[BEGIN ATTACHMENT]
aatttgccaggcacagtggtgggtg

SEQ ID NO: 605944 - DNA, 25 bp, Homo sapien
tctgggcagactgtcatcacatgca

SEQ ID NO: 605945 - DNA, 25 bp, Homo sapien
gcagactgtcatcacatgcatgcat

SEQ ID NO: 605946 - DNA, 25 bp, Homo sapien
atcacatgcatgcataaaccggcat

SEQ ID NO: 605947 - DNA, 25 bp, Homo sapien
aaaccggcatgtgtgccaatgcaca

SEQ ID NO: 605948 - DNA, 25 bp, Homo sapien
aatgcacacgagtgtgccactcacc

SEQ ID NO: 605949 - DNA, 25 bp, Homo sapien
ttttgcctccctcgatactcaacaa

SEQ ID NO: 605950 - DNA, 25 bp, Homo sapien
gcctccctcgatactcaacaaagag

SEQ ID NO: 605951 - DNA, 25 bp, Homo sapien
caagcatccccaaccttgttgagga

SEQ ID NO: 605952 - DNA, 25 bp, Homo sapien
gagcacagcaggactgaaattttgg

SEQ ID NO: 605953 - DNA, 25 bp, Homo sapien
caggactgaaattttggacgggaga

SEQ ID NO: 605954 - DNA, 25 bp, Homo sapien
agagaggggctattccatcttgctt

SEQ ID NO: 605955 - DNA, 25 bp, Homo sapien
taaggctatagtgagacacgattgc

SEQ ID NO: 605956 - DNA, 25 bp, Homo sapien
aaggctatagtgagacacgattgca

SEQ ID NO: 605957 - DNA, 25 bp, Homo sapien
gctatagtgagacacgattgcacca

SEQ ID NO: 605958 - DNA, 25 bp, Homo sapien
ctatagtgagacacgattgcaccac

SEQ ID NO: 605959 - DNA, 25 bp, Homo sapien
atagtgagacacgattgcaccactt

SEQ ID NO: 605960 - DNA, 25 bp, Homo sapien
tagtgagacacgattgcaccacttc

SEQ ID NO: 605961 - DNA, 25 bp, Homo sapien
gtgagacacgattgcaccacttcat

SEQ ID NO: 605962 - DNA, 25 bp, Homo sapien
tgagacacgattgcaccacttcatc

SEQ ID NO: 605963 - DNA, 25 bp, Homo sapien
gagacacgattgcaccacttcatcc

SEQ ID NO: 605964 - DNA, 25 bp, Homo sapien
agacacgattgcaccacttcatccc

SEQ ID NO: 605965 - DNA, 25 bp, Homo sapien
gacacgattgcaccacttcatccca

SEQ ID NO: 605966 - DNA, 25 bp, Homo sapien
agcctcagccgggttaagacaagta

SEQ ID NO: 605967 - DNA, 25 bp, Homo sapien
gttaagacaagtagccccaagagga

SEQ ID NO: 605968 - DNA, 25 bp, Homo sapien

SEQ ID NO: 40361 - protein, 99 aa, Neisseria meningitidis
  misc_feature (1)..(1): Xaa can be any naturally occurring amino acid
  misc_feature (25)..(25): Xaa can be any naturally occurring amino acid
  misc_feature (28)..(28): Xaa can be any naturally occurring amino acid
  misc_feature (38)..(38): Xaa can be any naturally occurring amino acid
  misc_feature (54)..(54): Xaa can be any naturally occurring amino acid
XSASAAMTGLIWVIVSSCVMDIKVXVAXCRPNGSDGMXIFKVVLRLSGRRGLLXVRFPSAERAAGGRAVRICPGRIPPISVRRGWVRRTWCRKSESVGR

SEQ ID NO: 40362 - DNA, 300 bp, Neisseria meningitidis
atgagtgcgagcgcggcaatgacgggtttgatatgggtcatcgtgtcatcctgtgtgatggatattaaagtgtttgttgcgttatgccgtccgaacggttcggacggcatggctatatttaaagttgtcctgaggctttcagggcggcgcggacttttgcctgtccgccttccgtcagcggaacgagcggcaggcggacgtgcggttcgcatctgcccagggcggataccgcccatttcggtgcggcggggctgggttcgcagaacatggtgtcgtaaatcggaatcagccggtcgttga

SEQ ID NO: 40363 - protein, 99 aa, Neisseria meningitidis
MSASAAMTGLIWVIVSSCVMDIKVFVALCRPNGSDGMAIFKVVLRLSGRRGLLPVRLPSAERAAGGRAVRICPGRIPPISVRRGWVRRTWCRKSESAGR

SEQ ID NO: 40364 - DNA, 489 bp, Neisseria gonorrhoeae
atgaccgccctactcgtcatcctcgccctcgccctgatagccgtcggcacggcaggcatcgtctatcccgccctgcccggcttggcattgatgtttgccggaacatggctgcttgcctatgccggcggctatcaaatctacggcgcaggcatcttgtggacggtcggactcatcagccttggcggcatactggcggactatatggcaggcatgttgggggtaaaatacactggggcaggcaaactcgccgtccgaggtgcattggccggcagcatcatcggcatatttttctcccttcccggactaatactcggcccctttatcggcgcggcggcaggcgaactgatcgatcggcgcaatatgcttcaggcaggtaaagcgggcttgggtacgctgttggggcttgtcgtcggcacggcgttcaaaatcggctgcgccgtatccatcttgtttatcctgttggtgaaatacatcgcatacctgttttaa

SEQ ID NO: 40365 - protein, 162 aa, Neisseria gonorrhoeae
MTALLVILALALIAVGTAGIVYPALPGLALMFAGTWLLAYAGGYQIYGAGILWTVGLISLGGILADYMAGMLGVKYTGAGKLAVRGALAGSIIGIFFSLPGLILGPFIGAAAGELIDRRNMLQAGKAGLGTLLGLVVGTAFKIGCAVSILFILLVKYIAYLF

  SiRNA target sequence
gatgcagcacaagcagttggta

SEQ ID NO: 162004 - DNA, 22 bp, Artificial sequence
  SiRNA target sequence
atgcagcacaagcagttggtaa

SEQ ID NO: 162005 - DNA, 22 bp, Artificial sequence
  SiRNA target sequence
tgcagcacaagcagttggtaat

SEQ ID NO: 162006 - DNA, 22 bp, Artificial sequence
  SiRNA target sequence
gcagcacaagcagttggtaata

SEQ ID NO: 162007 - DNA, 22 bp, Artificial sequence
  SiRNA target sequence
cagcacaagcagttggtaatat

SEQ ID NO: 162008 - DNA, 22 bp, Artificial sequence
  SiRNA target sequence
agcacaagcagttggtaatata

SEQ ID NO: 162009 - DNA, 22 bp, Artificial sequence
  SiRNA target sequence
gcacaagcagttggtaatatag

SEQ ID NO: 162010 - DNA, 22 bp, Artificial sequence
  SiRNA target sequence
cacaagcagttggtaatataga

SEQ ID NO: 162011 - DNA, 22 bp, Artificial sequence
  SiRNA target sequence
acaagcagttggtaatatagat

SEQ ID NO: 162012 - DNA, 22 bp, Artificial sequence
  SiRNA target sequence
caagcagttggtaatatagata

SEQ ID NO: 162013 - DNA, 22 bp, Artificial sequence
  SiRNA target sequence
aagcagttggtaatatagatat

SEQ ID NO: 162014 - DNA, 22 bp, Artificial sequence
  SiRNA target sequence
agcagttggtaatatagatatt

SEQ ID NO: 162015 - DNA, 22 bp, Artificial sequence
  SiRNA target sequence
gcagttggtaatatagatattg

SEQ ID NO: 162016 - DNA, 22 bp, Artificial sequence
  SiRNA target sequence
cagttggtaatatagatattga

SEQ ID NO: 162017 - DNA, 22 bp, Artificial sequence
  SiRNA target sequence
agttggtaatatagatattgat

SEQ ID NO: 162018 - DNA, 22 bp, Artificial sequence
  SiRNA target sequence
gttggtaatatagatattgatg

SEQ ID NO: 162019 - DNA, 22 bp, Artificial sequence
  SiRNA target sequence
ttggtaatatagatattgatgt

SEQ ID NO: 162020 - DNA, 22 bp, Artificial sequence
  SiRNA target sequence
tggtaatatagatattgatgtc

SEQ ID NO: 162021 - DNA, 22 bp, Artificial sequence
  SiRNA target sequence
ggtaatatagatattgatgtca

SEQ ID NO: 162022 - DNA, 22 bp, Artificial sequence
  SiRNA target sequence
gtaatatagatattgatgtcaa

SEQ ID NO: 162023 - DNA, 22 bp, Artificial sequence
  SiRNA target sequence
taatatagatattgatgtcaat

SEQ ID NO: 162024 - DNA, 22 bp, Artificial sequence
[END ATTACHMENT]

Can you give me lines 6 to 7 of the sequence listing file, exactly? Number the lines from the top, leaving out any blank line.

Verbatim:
SEQ ID NO: 605946 - DNA, 25 bp, Homo sapien
atcacatgcatgcataaaccggcat